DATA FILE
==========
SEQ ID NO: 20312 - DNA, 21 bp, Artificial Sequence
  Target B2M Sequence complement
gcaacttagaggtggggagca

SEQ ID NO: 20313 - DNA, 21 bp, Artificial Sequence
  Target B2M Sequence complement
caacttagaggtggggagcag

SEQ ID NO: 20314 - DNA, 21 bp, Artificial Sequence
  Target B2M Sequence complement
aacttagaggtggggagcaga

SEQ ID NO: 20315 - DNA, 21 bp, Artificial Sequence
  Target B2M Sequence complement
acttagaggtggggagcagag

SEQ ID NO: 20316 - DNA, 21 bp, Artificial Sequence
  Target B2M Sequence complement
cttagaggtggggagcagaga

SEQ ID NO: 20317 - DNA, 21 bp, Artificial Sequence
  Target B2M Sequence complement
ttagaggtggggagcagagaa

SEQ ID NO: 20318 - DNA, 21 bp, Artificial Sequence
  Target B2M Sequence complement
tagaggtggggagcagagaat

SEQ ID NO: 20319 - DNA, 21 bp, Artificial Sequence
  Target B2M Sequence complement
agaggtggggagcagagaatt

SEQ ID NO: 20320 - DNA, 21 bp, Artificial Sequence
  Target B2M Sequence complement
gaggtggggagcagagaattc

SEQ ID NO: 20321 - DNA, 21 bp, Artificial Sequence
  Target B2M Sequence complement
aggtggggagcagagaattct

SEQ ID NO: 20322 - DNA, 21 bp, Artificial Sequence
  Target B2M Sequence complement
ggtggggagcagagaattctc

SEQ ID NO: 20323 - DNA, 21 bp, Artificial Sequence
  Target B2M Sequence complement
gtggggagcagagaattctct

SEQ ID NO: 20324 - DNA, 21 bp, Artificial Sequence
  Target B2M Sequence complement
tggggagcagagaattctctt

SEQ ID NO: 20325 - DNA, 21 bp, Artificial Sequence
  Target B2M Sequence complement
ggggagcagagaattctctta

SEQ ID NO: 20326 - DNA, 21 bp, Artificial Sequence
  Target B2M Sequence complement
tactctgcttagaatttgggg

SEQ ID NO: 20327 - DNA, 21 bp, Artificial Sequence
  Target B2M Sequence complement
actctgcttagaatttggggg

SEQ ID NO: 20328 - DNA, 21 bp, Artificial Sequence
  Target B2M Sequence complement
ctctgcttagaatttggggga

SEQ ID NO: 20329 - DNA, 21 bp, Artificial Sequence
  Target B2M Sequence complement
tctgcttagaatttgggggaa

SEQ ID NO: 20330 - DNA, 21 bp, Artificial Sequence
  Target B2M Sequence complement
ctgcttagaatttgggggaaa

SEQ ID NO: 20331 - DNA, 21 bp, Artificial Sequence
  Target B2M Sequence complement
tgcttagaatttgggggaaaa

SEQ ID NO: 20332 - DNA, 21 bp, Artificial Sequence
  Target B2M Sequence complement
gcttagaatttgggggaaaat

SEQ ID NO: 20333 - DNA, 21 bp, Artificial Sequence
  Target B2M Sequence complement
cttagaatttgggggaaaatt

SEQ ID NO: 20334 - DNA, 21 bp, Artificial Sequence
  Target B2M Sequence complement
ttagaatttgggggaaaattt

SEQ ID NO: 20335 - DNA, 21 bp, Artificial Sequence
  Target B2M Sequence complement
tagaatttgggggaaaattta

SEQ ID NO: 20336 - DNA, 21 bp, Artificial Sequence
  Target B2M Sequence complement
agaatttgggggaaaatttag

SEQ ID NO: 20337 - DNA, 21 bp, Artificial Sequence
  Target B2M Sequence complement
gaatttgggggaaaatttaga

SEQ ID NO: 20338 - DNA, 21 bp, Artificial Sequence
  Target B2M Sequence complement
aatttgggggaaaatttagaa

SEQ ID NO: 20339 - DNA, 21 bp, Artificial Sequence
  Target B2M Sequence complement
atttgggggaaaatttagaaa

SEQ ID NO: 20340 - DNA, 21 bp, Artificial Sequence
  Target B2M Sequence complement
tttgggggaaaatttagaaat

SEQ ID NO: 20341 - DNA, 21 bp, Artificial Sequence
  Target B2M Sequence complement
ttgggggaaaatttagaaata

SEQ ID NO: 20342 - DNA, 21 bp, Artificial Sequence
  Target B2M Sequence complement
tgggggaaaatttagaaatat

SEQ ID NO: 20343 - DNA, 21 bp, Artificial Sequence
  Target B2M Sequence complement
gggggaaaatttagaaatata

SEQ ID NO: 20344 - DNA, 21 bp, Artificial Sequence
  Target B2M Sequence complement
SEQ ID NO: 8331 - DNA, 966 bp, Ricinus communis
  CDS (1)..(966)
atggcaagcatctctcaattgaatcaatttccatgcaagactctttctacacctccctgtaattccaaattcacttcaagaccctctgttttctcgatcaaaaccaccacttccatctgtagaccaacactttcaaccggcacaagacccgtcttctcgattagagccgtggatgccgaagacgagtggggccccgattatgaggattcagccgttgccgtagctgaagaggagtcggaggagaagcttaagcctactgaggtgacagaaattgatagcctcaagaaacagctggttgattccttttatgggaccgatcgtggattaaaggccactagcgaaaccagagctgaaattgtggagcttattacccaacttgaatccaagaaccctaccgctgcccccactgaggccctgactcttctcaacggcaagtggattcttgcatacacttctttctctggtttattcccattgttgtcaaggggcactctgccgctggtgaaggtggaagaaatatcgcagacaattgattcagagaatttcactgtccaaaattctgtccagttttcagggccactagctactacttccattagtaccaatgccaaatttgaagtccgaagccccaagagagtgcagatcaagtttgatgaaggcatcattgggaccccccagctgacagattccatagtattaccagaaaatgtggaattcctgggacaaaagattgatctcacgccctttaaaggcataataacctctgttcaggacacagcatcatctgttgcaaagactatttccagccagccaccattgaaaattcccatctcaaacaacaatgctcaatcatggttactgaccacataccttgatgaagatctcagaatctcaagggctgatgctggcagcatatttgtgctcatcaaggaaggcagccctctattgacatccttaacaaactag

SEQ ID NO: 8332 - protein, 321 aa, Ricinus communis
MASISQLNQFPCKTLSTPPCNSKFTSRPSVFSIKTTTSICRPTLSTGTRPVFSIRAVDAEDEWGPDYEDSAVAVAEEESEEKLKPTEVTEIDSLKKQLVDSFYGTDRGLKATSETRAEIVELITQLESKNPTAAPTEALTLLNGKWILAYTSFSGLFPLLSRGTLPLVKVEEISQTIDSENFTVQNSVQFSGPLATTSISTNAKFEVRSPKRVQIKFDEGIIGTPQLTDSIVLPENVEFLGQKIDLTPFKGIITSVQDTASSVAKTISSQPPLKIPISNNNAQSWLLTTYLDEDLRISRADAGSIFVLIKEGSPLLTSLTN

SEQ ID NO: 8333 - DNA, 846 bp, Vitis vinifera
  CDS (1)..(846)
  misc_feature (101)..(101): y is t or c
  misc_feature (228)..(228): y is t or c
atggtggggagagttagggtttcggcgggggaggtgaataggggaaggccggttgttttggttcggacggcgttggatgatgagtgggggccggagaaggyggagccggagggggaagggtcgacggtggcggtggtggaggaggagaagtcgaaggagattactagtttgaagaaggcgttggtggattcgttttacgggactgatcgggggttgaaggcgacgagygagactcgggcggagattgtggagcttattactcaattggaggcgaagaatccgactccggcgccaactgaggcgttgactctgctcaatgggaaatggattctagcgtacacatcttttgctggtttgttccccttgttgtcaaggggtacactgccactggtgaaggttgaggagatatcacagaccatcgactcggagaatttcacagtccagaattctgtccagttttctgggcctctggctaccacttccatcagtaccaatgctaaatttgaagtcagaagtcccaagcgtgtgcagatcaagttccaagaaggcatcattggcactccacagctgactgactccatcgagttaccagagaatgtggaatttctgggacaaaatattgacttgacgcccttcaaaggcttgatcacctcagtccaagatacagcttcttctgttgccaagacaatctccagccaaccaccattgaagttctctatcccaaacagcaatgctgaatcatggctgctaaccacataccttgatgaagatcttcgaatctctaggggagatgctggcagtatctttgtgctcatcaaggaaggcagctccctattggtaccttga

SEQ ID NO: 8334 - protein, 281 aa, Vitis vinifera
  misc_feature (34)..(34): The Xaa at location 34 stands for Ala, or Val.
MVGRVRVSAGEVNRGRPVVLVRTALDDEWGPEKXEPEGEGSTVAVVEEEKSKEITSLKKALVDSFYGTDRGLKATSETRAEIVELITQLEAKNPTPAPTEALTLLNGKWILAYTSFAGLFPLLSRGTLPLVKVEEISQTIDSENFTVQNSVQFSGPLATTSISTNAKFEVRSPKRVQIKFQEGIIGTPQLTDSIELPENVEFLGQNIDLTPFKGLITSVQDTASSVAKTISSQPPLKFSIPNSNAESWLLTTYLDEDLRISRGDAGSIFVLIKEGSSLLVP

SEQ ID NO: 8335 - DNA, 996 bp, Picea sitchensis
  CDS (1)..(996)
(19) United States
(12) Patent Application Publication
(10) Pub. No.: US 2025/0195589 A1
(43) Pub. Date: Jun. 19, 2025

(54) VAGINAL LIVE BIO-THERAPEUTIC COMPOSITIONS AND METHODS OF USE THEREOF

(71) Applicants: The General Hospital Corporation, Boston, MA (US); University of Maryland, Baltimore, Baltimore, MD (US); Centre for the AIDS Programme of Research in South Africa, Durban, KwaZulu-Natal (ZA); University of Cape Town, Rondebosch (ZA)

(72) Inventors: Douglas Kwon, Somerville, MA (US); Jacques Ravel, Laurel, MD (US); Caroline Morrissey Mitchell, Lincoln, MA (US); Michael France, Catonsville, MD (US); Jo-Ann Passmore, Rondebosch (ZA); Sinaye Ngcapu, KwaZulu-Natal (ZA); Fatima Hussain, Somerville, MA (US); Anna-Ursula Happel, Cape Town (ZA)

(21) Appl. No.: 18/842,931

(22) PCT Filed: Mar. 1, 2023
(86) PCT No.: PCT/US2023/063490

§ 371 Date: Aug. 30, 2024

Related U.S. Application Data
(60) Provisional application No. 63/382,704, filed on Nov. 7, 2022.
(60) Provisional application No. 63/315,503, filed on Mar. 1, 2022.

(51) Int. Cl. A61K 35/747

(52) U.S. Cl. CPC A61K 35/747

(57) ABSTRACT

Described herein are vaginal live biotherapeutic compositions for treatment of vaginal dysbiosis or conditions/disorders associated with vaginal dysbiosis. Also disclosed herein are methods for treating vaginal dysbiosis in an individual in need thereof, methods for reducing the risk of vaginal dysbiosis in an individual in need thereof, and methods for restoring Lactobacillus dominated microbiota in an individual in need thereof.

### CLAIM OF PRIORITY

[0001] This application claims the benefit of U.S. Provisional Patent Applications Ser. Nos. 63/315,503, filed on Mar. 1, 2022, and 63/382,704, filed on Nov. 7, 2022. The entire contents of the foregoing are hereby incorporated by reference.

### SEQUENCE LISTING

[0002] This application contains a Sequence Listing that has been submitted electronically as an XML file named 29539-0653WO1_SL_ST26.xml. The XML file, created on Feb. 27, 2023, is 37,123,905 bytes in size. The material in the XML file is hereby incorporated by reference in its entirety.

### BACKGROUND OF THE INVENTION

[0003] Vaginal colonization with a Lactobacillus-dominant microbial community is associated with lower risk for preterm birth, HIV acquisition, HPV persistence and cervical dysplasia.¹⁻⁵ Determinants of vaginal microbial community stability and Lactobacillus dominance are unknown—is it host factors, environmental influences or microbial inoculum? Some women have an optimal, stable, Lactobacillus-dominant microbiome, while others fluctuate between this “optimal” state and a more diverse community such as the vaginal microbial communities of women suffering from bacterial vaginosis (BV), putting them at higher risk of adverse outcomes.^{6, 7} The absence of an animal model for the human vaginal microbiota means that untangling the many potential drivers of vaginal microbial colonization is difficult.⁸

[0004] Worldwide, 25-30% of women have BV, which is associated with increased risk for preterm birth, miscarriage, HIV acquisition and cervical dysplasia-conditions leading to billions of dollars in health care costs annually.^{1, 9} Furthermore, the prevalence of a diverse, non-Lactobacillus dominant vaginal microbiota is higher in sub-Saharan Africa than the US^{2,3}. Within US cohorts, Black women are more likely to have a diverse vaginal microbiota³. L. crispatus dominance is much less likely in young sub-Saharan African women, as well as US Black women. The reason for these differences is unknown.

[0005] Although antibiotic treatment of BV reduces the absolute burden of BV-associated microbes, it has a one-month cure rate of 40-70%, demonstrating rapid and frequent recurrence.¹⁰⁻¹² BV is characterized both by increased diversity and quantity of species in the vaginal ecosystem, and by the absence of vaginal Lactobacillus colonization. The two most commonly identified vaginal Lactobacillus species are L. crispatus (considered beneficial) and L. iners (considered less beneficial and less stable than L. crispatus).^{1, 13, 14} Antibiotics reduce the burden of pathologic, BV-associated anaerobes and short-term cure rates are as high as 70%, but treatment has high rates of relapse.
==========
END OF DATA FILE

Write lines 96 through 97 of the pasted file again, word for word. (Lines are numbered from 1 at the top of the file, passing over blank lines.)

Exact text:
gggggaaaatttagaaatata

SEQ ID NO: 20344 - DNA, 21 bp, Artificial Sequence